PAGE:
SPONSORED:

Collins says she's working with other GOP senators to allow impeachment witnesses

Sen. Susan CollinsSusan Margaret CollinsBiden budget pick sparks battle with GOP Senate Overnight Health Care: Moderna to apply for emergency use authorization for COVID-19 vaccine candidate | Hospitals brace for COVID-19 surge | US more than doubles highest number of monthly COVID-19 cases Bipartisan Senate group holding coronavirus relief talks amid stalemate MORE (R-Maine) on Friday said that she is working with a group of Republican senators to allow for both President TrumpDonald John TrumpGeraldo Rivera on Trump sowing election result doubts: 'Enough is enough now' Murkowski: Trump should concede White House race Scott Atlas resigns as coronavirus adviser to Trump MORE's legal team and the House managers to be able to call witnesses during the impeachment trial.

Collins told the Bangor Daily News that she is working with a "fairly small" group of senators to ensure that an initial resolution on the trial rules allows for witnesses.

“I am hopeful that we can reach an agreement on how to proceed with the trial that will allow the opportunity for both the House and the president’s counsel if they choose to do so,” she said.

ADVERTISEMENT

Collins declined to say how many Republicans she is working with, but argued that her colleagues should be "completely open to calling witnesses.”

The initial resolution that set out the process for former President Clinton's 1999 impeachment trial did not include a deal on calling specific witnesses. Instead, it laid out how Clinton's legal team and House managers could ask for witnesses as part of the trial.

The 1999 rules specified that after an initial phase of the trial, which included opening arguments from both sides and questions from senators, it would be "in order to make a motion to subpoena witnesses and/or to present any evidence not in the record."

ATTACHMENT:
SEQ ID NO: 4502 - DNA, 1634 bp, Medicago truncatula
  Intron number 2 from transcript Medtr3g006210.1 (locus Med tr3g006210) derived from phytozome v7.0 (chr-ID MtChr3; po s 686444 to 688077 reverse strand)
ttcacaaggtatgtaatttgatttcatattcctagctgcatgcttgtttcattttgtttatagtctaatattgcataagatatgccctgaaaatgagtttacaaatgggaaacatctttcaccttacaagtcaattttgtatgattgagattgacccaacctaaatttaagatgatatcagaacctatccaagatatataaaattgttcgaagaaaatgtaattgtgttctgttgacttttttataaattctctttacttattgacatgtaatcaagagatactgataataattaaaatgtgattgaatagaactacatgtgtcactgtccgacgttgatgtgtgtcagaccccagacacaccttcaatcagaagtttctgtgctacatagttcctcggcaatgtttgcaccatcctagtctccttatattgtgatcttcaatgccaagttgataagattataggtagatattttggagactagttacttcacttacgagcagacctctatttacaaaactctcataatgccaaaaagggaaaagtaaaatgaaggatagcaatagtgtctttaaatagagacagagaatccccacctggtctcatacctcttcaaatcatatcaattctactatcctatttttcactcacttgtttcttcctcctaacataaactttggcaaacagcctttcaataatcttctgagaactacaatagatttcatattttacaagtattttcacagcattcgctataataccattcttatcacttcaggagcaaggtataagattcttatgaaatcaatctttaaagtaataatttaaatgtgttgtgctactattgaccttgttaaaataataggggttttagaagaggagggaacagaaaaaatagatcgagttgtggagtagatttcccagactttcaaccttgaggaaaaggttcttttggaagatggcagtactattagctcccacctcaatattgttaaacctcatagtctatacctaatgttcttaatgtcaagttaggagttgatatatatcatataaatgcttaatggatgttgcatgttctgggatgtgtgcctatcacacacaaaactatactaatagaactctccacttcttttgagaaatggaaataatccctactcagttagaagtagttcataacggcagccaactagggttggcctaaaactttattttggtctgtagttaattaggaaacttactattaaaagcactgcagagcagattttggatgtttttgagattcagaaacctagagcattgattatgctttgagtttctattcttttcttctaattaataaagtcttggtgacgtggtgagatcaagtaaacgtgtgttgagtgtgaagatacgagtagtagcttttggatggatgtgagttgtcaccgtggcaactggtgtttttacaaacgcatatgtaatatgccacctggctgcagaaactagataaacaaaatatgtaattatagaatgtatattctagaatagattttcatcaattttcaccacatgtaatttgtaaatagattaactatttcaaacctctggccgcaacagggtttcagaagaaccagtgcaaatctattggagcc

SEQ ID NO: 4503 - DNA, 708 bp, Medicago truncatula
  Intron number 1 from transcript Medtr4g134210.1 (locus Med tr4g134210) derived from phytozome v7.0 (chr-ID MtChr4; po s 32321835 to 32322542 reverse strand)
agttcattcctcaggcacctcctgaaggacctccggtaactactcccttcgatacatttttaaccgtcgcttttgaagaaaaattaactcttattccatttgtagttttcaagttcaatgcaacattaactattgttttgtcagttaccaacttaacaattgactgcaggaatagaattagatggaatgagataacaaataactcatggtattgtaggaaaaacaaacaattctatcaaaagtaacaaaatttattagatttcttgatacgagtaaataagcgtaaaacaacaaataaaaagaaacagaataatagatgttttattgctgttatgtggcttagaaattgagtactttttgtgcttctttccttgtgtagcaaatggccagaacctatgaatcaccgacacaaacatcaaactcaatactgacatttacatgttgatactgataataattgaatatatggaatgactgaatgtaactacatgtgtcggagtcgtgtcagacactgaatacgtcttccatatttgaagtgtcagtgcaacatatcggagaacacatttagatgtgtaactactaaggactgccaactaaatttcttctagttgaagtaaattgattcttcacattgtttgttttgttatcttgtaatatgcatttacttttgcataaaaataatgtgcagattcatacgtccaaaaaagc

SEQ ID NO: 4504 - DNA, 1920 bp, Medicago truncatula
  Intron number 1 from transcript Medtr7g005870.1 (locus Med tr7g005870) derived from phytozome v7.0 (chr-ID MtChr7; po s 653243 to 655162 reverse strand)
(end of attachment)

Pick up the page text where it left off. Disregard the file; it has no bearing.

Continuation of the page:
A second resolution that passed along party lines during the 1999 trial subpoenaed three witnesses for closed-door depositions.

Senate Republicans are currently negotiating the specifics of the rules for Trump's trial after Senate Majority Leader Mitch McConnellAddison (Mitch) Mitchell McConnellSenate approves two energy regulators, completing panel On The Money: Biden announces key members of economic team | GOP open to Yellen as Treasury secretary, opposed to budget pick | GAO: Labor Department 'improperly presented' jobless data Senate GOP open to confirming Yellen to be Biden's Treasury secretary MORE (R-Ky.) said he had the votes to start the trial without a deal on specific witnesses.

ADVERTISEMENT

Collins has backed that model. While she's described herself as "open" to calling witnesses, she's repeatedly argued that a decision on who, if anyone, should testify should wait until mid-trial.

Collins is viewed as a key swing vote in the impeachment trial. Democrats need four Republicans to vote with them to compel the administration to hand over Ukraine-related documents and to call witnesses, including former national security adviser John BoltonJohn BoltonPressure grows from GOP for Trump to recognize Biden election win Sunday shows - Virus surge dominates ahead of fraught Thanksgiving holiday Bolton calls on GOP leadership to label Trump's behavior 'inexcusable' MORE and acting chief of staff Mick MulvaneyMick MulvaneyMick Mulvaney 'concerned' by Giuliani role in Trump election case On The Money: Senate releases spending bills, setting up talks for December deal | McConnell pushing for 'highly targeted' COVID deal | CFPB vet who battled Trump will lead Biden plans to overhaul agency Consumer bureau vet who battled Trump will lead Biden plans to overhaul agency MORE.

House Speaker Nancy PelosiNancy PelosiOvernight Health Care: Moderna to apply for emergency use authorization for COVID-19 vaccine candidate | Hospitals brace for COVID-19 surge | US more than doubles highest number of monthly COVID-19 cases House Democrats urge congressional leaders to support .1B budget for IRS Bipartisan Senate group holding coronavirus relief talks amid stalemate MORE (D-Calif.) announced on Friday that the House would send over the articles of impeachment next week, paving the way for the Senate to start its trial.